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You need to ship

2 minutes read

You contracted an outside agency to do an accessibility audit. You talked to them about your product, why you want an audit and they told you they can get it done quickly. In a few weeks, they'll deliver their extremely detailed report that will cover everything in a few hundred pages. You can't wait to see the result and share it with your team. Then, they'll be able to understand not only what the problems are, but how to solve them as well.

You're in meetings all day long and, at the end of the day, feel like you've been productive and successfully carried the torch for accessibility. You've made great arguments to convince stakeholders to prioritise accessibility next sprint and everyone nodded in agreement. The meeting ended on a high note of excitement. Ah, what a great day this was!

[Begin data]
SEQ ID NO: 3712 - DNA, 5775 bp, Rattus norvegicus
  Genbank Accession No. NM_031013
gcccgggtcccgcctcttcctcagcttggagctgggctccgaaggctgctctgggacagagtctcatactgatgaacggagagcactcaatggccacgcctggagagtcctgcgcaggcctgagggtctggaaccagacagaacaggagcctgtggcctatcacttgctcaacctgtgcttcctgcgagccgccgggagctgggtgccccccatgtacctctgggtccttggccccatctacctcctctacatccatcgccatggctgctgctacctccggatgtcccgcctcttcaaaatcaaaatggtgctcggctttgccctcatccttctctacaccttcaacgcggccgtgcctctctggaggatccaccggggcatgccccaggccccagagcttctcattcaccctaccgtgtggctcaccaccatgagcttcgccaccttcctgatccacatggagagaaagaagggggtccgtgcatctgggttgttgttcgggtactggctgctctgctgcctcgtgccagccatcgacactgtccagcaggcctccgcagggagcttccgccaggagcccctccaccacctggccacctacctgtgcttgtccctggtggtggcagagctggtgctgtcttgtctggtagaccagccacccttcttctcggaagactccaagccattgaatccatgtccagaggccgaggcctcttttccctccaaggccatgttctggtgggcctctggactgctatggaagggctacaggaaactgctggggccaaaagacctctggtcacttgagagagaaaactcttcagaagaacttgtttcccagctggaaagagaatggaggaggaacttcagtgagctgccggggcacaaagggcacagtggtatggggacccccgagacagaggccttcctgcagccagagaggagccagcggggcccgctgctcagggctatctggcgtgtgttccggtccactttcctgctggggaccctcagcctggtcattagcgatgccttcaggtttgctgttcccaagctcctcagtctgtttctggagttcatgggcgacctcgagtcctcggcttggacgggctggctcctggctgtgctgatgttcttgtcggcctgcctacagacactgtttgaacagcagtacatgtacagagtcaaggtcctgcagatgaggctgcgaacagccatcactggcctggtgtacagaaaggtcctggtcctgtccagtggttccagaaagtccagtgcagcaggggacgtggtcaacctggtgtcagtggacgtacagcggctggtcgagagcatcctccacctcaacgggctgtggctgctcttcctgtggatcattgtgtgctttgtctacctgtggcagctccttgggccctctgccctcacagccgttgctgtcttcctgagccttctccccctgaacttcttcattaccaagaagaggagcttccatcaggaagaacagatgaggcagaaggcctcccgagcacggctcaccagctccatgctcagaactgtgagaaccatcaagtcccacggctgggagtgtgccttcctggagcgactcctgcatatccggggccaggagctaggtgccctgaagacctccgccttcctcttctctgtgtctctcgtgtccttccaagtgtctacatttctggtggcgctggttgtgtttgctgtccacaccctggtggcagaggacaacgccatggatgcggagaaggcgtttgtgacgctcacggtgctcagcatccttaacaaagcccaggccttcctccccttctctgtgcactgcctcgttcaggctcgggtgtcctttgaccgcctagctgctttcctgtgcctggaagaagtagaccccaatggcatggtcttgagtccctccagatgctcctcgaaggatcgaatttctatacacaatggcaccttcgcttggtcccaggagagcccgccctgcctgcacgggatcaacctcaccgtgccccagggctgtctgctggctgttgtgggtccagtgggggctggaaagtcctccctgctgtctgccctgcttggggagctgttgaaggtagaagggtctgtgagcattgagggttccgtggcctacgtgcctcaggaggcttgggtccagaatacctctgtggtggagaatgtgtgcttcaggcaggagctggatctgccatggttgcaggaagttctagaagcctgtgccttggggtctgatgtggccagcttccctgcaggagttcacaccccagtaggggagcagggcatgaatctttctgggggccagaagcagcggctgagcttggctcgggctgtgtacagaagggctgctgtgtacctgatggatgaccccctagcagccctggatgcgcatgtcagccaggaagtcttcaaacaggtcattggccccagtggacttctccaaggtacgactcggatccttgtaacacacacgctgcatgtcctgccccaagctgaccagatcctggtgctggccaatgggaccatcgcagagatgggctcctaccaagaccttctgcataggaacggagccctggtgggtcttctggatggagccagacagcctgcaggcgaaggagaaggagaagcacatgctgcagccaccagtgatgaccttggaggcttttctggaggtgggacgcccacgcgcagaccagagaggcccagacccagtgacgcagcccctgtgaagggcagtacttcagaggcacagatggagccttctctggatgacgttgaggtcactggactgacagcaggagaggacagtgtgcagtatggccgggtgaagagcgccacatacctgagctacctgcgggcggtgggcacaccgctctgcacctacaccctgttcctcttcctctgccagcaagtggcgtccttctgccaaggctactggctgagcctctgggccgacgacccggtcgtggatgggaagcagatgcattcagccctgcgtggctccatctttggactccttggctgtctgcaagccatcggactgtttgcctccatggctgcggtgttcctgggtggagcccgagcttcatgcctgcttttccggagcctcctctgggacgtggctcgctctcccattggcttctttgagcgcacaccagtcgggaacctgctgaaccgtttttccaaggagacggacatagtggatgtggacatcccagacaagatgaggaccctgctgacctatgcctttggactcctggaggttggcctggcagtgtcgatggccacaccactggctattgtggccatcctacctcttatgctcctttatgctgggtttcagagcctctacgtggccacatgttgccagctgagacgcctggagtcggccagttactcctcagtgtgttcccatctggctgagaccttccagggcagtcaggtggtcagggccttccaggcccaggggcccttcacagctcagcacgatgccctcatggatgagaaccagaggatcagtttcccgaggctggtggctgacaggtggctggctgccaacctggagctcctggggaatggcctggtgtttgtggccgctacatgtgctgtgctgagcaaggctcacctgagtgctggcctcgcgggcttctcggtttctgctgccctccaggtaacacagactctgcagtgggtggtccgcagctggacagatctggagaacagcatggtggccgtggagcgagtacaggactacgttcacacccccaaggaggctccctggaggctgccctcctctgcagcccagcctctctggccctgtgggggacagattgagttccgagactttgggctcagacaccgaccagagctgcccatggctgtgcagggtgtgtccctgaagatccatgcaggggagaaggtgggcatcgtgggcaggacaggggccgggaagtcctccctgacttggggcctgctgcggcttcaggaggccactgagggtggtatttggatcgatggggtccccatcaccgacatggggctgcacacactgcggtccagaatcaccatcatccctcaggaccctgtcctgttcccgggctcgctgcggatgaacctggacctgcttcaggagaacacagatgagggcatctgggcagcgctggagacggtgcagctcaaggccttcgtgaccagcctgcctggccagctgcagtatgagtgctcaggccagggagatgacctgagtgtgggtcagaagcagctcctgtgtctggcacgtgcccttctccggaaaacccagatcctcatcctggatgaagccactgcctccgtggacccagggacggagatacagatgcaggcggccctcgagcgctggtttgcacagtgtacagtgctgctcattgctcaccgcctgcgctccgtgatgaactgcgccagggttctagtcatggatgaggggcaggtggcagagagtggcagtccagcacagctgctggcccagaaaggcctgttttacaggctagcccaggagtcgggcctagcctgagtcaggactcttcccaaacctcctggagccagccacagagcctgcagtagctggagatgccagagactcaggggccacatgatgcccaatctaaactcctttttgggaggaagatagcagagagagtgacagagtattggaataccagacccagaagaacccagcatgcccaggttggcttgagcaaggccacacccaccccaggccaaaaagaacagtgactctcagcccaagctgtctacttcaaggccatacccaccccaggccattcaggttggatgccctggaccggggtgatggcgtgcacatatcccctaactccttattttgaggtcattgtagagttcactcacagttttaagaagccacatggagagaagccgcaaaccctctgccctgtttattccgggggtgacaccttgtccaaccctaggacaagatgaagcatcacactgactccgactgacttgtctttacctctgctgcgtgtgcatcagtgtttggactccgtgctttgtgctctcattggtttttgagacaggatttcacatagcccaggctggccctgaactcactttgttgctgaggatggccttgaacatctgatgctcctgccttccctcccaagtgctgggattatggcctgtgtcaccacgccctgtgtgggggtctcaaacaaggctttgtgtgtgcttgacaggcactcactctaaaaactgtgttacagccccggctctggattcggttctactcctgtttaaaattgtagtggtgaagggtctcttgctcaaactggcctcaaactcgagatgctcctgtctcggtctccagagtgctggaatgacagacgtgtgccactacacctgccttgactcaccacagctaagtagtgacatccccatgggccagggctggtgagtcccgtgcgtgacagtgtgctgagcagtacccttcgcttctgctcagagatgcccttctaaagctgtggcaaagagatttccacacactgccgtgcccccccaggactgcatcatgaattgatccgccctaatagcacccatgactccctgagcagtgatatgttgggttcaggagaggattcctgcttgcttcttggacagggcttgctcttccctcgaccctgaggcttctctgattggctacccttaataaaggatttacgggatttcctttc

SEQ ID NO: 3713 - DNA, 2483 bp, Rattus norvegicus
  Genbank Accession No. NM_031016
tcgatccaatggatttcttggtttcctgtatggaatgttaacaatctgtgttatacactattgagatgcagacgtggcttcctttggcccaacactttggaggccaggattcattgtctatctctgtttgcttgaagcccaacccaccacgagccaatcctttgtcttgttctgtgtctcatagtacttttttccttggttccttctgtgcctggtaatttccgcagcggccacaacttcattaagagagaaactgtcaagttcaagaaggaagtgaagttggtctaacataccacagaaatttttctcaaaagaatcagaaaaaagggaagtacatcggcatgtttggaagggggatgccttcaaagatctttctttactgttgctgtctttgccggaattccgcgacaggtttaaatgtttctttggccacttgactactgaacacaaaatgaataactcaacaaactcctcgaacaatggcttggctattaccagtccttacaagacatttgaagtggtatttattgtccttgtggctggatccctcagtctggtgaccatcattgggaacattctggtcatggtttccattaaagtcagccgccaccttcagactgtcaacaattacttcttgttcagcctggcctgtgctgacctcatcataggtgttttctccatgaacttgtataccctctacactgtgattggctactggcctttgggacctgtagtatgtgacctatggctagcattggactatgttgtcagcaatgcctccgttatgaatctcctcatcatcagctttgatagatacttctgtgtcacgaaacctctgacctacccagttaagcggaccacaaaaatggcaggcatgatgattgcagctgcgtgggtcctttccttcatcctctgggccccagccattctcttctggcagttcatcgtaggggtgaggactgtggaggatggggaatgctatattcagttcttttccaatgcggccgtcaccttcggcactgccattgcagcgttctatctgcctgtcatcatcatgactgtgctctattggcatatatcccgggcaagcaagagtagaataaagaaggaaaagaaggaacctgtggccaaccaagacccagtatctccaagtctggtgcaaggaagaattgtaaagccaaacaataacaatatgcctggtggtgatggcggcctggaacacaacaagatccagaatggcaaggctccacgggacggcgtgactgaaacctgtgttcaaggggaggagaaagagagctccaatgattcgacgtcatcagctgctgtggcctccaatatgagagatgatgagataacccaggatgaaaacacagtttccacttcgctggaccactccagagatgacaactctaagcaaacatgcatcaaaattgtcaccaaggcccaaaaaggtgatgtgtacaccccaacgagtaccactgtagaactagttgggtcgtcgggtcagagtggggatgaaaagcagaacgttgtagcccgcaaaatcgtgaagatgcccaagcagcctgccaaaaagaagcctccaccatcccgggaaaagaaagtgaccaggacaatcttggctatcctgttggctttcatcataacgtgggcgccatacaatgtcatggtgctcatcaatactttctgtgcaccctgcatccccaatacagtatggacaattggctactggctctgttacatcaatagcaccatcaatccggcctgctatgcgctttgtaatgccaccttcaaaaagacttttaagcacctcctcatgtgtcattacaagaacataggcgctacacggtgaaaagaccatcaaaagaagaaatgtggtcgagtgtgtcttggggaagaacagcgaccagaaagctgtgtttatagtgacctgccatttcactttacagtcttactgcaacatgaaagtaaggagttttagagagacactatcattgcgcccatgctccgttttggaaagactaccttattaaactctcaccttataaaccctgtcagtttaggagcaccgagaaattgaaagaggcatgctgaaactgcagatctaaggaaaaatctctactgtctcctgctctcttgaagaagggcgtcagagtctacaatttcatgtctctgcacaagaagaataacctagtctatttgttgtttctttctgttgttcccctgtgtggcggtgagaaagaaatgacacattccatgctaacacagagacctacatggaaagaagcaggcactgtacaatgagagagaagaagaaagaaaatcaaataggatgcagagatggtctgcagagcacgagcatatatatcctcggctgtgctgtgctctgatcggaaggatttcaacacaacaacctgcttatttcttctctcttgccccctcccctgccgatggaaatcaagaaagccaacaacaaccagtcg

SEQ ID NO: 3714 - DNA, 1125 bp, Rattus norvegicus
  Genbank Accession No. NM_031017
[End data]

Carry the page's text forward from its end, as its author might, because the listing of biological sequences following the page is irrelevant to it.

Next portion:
You're always paying attention in your company chat to the ongoing discussions. You jump at the opportunity to clarify what accessibility means, what alt text to add to images or how to test with a screen reader. After all, raising awareness is done one chat at a time, one person at a time. You're in it for the long haul and you're quite happy you've managed to pitch in to one conversation today.

It will feel like you've won many battles.

But unless you ship, you'll have lost the war.

Forget what experts tell you are best practices. Forget the internet telling you to start with an accessibility audit, or to convince your stakeholders because that's half the battle, or to create friendships and network to raise awareness.

Just. Get. Shit. Done.

Because unless you ship an accessible product, the people you're trying to help won't benefit at all. No one will be able to appreciate all those days spent reading audits, the countless meetings or you raising awareness with your team.


Because after all the auditing, and the meetings, and the awareness raising, they still can't use your site!

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I send out short emails like this every day to help you gain a fresh perspective on accessibility and understand it without the jargon, so you can build more robust products that everyone can use, including people with disabilities.

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